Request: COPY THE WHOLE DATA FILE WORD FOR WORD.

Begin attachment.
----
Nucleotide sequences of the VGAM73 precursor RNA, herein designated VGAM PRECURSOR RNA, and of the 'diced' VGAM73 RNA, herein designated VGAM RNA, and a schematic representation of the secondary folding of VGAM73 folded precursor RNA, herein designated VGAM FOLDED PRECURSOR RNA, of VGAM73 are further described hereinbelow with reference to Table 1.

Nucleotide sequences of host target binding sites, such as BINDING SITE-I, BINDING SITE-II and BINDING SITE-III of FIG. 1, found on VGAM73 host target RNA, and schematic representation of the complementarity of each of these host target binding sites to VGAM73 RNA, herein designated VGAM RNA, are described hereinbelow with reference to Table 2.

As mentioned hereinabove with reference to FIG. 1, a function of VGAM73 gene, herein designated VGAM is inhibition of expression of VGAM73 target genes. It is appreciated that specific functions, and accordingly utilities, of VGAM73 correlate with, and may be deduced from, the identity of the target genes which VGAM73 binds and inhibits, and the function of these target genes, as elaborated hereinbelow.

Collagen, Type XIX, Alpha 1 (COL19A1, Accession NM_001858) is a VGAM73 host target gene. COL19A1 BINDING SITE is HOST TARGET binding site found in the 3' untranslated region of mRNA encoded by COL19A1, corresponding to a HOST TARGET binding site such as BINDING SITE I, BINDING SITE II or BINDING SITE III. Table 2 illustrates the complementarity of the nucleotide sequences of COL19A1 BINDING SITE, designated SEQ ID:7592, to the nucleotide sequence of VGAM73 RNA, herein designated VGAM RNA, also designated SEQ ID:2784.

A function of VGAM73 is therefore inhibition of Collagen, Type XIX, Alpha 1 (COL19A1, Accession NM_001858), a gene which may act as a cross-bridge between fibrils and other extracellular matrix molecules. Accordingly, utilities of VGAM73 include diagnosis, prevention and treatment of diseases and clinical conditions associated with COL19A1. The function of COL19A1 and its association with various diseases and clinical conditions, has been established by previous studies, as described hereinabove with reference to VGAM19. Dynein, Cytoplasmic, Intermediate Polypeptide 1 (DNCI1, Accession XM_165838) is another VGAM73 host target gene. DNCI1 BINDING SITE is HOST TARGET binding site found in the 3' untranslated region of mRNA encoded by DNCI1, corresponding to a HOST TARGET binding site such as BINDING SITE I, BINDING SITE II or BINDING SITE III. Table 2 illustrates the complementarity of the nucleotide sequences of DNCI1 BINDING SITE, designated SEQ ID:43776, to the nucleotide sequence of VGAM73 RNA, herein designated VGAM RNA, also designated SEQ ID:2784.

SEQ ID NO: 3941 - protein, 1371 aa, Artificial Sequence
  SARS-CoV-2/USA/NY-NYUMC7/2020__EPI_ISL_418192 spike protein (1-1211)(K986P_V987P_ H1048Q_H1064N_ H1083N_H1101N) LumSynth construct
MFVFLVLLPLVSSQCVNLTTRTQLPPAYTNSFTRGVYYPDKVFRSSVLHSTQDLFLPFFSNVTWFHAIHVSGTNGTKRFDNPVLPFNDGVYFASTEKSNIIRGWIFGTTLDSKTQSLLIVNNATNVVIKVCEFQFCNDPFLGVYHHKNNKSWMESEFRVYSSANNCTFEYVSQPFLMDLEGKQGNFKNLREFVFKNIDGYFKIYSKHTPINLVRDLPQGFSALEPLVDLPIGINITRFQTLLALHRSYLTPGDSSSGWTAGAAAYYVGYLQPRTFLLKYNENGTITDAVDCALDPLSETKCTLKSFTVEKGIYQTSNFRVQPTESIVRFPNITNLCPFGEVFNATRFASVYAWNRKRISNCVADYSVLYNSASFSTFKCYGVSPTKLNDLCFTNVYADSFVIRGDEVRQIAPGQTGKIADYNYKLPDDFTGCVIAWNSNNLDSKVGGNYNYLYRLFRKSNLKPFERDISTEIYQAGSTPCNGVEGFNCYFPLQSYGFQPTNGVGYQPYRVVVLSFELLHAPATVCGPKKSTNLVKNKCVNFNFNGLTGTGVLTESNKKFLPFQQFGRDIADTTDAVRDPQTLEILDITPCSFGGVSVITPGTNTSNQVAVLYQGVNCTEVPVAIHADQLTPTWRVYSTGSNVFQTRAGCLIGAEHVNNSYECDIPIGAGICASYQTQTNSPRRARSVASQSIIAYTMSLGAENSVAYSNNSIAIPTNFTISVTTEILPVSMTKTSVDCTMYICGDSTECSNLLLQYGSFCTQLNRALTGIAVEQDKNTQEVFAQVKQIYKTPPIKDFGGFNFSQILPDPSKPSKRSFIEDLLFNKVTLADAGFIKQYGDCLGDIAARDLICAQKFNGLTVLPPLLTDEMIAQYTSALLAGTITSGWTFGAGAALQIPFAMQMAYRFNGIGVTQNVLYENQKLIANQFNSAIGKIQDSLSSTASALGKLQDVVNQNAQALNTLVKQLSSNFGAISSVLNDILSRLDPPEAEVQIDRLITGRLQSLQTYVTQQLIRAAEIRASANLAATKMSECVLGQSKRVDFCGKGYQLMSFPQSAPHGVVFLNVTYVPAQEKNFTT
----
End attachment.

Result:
Nucleotide sequences of the VGAM73 precursor RNA, herein designated VGAM PRECURSOR RNA, and of the 'diced' VGAM73 RNA, herein designated VGAM RNA, and a schematic representation of the secondary folding of VGAM73 folded precursor RNA, herein designated VGAM FOLDED PRECURSOR RNA, of VGAM73 are further described hereinbelow with reference to Table 1.

Nucleotide sequences of host target binding sites, such as BINDING SITE-I, BINDING SITE-II and BINDING SITE-III of FIG. 1, found on VGAM73 host target RNA, and schematic representation of the complementarity of each of these host target binding sites to VGAM73 RNA, herein designated VGAM RNA, are described hereinbelow with reference to Table 2.

As mentioned hereinabove with reference to FIG. 1, a function of VGAM73 gene, herein designated VGAM is inhibition of expression of VGAM73 target genes. It is appreciated that specific functions, and accordingly utilities, of VGAM73 correlate with, and may be deduced from, the identity of the target genes which VGAM73 binds and inhibits, and the function of these target genes, as elaborated hereinbelow.

Collagen, Type XIX, Alpha 1 (COL19A1, Accession NM_001858) is a VGAM73 host target gene. COL19A1 BINDING SITE is HOST TARGET binding site found in the 3' untranslated region of mRNA encoded by COL19A1, corresponding to a HOST TARGET binding site such as BINDING SITE I, BINDING SITE II or BINDING SITE III. Table 2 illustrates the complementarity of the nucleotide sequences of COL19A1 BINDING SITE, designated SEQ ID:7592, to the nucleotide sequence of VGAM73 RNA, herein designated VGAM RNA, also designated SEQ ID:2784.

A function of VGAM73 is therefore inhibition of Collagen, Type XIX, Alpha 1 (COL19A1, Accession NM_001858), a gene which may act as a cross-bridge between fibrils and other extracellular matrix molecules. Accordingly, utilities of VGAM73 include diagnosis, prevention and treatment of diseases and clinical conditions associated with COL19A1. The function of COL19A1 and its association with various diseases and clinical conditions, has been established by previous studies, as described hereinabove with reference to VGAM19. Dynein, Cytoplasmic, Intermediate Polypeptide 1 (DNCI1, Accession XM_165838) is another VGAM73 host target gene. DNCI1 BINDING SITE is HOST TARGET binding site found in the 3' untranslated region of mRNA encoded by DNCI1, corresponding to a HOST TARGET binding site such as BINDING SITE I, BINDING SITE II or BINDING SITE III. Table 2 illustrates the complementarity of the nucleotide sequences of DNCI1 BINDING SITE, designated SEQ ID:43776, to the nucleotide sequence of VGAM73 RNA, herein designated VGAM RNA, also designated SEQ ID:2784.

SEQ ID NO: 3941 - protein, 1371 aa, Artificial Sequence
  SARS-CoV-2/USA/NY-NYUMC7/2020__EPI_ISL_418192 spike protein (1-1211)(K986P_V987P_ H1048Q_H1064N_ H1083N_H1101N) LumSynth construct
MFVFLVLLPLVSSQCVNLTTRTQLPPAYTNSFTRGVYYPDKVFRSSVLHSTQDLFLPFFSNVTWFHAIHVSGTNGTKRFDNPVLPFNDGVYFASTEKSNIIRGWIFGTTLDSKTQSLLIVNNATNVVIKVCEFQFCNDPFLGVYHHKNNKSWMESEFRVYSSANNCTFEYVSQPFLMDLEGKQGNFKNLREFVFKNIDGYFKIYSKHTPINLVRDLPQGFSALEPLVDLPIGINITRFQTLLALHRSYLTPGDSSSGWTAGAAAYYVGYLQPRTFLLKYNENGTITDAVDCALDPLSETKCTLKSFTVEKGIYQTSNFRVQPTESIVRFPNITNLCPFGEVFNATRFASVYAWNRKRISNCVADYSVLYNSASFSTFKCYGVSPTKLNDLCFTNVYADSFVIRGDEVRQIAPGQTGKIADYNYKLPDDFTGCVIAWNSNNLDSKVGGNYNYLYRLFRKSNLKPFERDISTEIYQAGSTPCNGVEGFNCYFPLQSYGFQPTNGVGYQPYRVVVLSFELLHAPATVCGPKKSTNLVKNKCVNFNFNGLTGTGVLTESNKKFLPFQQFGRDIADTTDAVRDPQTLEILDITPCSFGGVSVITPGTNTSNQVAVLYQGVNCTEVPVAIHADQLTPTWRVYSTGSNVFQTRAGCLIGAEHVNNSYECDIPIGAGICASYQTQTNSPRRARSVASQSIIAYTMSLGAENSVAYSNNSIAIPTNFTISVTTEILPVSMTKTSVDCTMYICGDSTECSNLLLQYGSFCTQLNRALTGIAVEQDKNTQEVFAQVKQIYKTPPIKDFGGFNFSQILPDPSKPSKRSFIEDLLFNKVTLADAGFIKQYGDCLGDIAARDLICAQKFNGLTVLPPLLTDEMIAQYTSALLAGTITSGWTFGAGAALQIPFAMQMAYRFNGIGVTQNVLYENQKLIANQFNSAIGKIQDSLSSTASALGKLQDVVNQNAQALNTLVKQLSSNFGAISSVLNDILSRLDPPEAEVQIDRLITGRLQSLQTYVTQQLIRAAEIRASANLAATKMSECVLGQSKRVDFCGKGYQLMSFPQSAPHGVVFLNVTYVPAQEKNFTT